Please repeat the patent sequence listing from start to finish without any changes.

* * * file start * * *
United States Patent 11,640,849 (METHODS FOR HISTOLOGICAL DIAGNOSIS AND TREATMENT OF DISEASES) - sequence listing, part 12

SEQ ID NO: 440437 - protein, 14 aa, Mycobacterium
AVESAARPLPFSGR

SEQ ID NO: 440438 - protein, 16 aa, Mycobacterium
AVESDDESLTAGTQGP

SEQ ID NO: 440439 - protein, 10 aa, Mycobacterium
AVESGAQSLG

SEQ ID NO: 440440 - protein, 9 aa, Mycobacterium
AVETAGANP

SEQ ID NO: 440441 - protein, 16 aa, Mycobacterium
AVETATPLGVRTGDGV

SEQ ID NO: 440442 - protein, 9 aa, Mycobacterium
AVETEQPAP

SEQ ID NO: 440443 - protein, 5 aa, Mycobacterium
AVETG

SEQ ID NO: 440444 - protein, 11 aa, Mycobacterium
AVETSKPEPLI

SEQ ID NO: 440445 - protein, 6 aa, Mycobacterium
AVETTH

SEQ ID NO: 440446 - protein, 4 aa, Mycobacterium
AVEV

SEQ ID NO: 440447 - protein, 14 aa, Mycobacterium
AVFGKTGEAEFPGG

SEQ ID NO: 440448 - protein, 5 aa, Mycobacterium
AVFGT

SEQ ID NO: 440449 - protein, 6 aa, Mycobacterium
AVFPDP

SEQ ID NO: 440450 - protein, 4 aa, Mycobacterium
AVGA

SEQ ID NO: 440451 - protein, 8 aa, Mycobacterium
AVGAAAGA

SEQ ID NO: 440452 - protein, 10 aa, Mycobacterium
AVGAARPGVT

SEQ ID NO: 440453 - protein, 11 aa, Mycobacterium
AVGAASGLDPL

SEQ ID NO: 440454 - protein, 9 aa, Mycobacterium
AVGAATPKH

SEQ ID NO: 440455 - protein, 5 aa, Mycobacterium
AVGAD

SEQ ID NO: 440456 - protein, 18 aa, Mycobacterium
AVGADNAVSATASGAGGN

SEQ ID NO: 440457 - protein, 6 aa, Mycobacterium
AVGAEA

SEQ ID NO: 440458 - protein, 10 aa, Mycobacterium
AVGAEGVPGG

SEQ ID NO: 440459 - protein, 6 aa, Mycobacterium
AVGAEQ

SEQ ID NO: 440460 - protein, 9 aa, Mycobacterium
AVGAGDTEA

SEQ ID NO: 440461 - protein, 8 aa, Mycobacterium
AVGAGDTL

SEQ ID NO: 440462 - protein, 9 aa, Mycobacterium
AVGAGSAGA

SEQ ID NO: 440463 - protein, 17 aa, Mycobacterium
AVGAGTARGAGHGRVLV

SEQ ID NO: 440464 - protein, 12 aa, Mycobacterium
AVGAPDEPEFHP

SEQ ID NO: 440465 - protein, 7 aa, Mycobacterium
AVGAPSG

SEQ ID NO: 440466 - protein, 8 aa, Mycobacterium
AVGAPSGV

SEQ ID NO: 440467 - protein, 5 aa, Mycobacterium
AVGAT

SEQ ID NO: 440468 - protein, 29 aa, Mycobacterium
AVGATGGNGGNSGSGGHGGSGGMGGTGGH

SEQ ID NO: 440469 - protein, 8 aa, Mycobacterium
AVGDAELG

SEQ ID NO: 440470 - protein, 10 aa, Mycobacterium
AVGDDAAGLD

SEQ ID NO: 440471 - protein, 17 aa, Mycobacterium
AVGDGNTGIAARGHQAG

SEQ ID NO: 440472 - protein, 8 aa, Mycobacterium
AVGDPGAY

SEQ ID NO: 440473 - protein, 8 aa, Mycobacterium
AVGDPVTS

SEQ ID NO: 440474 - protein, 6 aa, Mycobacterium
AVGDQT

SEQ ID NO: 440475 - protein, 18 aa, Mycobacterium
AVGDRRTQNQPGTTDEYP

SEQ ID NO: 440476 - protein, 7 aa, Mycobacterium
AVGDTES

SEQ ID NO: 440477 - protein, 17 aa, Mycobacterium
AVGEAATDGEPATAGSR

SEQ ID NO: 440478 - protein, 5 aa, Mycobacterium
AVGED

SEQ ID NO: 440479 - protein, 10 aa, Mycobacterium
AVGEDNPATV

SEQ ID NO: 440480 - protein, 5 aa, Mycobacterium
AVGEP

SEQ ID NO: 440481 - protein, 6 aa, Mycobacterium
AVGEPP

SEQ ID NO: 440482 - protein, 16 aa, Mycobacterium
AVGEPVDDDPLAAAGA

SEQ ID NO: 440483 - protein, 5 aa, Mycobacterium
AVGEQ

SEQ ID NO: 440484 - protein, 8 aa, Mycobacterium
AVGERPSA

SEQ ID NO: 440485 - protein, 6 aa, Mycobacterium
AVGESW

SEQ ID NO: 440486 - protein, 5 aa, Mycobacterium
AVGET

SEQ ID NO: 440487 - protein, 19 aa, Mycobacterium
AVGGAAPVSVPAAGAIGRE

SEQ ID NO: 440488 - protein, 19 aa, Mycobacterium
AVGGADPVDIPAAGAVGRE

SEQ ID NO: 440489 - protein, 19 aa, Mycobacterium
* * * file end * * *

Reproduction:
United States Patent 11,640,849 (METHODS FOR HISTOLOGICAL DIAGNOSIS AND TREATMENT OF DISEASES) - sequence listing, part 12

SEQ ID NO: 440437 - protein, 14 aa, Mycobacterium
AVESAARPLPFSGR

SEQ ID NO: 440438 - protein, 16 aa, Mycobacterium
AVESDDESLTAGTQGP

SEQ ID NO: 440439 - protein, 10 aa, Mycobacterium
AVESGAQSLG

SEQ ID NO: 440440 - protein, 9 aa, Mycobacterium
AVETAGANP

SEQ ID NO: 440441 - protein, 16 aa, Mycobacterium
AVETATPLGVRTGDGV

SEQ ID NO: 440442 - protein, 9 aa, Mycobacterium
AVETEQPAP

SEQ ID NO: 440443 - protein, 5 aa, Mycobacterium
AVETG

SEQ ID NO: 440444 - protein, 11 aa, Mycobacterium
AVETSKPEPLI

SEQ ID NO: 440445 - protein, 6 aa, Mycobacterium
AVETTH

SEQ ID NO: 440446 - protein, 4 aa, Mycobacterium
AVEV

SEQ ID NO: 440447 - protein, 14 aa, Mycobacterium
AVFGKTGEAEFPGG

SEQ ID NO: 440448 - protein, 5 aa, Mycobacterium
AVFGT

SEQ ID NO: 440449 - protein, 6 aa, Mycobacterium
AVFPDP

SEQ ID NO: 440450 - protein, 4 aa, Mycobacterium
AVGA

SEQ ID NO: 440451 - protein, 8 aa, Mycobacterium
AVGAAAGA

SEQ ID NO: 440452 - protein, 10 aa, Mycobacterium
AVGAARPGVT

SEQ ID NO: 440453 - protein, 11 aa, Mycobacterium
AVGAASGLDPL

SEQ ID NO: 440454 - protein, 9 aa, Mycobacterium
AVGAATPKH

SEQ ID NO: 440455 - protein, 5 aa, Mycobacterium
AVGAD

SEQ ID NO: 440456 - protein, 18 aa, Mycobacterium
AVGADNAVSATASGAGGN

SEQ ID NO: 440457 - protein, 6 aa, Mycobacterium
AVGAEA

SEQ ID NO: 440458 - protein, 10 aa, Mycobacterium
AVGAEGVPGG

SEQ ID NO: 440459 - protein, 6 aa, Mycobacterium
AVGAEQ

SEQ ID NO: 440460 - protein, 9 aa, Mycobacterium
AVGAGDTEA

SEQ ID NO: 440461 - protein, 8 aa, Mycobacterium
AVGAGDTL

SEQ ID NO: 440462 - protein, 9 aa, Mycobacterium
AVGAGSAGA

SEQ ID NO: 440463 - protein, 17 aa, Mycobacterium
AVGAGTARGAGHGRVLV

SEQ ID NO: 440464 - protein, 12 aa, Mycobacterium
AVGAPDEPEFHP

SEQ ID NO: 440465 - protein, 7 aa, Mycobacterium
AVGAPSG

SEQ ID NO: 440466 - protein, 8 aa, Mycobacterium
AVGAPSGV

SEQ ID NO: 440467 - protein, 5 aa, Mycobacterium
AVGAT

SEQ ID NO: 440468 - protein, 29 aa, Mycobacterium
AVGATGGNGGNSGSGGHGGSGGMGGTGGH

SEQ ID NO: 440469 - protein, 8 aa, Mycobacterium
AVGDAELG

SEQ ID NO: 440470 - protein, 10 aa, Mycobacterium
AVGDDAAGLD

SEQ ID NO: 440471 - protein, 17 aa, Mycobacterium
AVGDGNTGIAARGHQAG

SEQ ID NO: 440472 - protein, 8 aa, Mycobacterium
AVGDPGAY

SEQ ID NO: 440473 - protein, 8 aa, Mycobacterium
AVGDPVTS

SEQ ID NO: 440474 - protein, 6 aa, Mycobacterium
AVGDQT

SEQ ID NO: 440475 - protein, 18 aa, Mycobacterium
AVGDRRTQNQPGTTDEYP

SEQ ID NO: 440476 - protein, 7 aa, Mycobacterium
AVGDTES

SEQ ID NO: 440477 - protein, 17 aa, Mycobacterium
AVGEAATDGEPATAGSR

SEQ ID NO: 440478 - protein, 5 aa, Mycobacterium
AVGED

SEQ ID NO: 440479 - protein, 10 aa, Mycobacterium
AVGEDNPATV

SEQ ID NO: 440480 - protein, 5 aa, Mycobacterium
AVGEP

SEQ ID NO: 440481 - protein, 6 aa, Mycobacterium
AVGEPP

SEQ ID NO: 440482 - protein, 16 aa, Mycobacterium
AVGEPVDDDPLAAAGA

SEQ ID NO: 440483 - protein, 5 aa, Mycobacterium
AVGEQ

SEQ ID NO: 440484 - protein, 8 aa, Mycobacterium
AVGERPSA

SEQ ID NO: 440485 - protein, 6 aa, Mycobacterium
AVGESW

SEQ ID NO: 440486 - protein, 5 aa, Mycobacterium
AVGET

SEQ ID NO: 440487 - protein, 19 aa, Mycobacterium
AVGGAAPVSVPAAGAIGRE

SEQ ID NO: 440488 - protein, 19 aa, Mycobacterium
AVGGADPVDIPAAGAVGRE

SEQ ID NO: 440489 - protein, 19 aa, Mycobacterium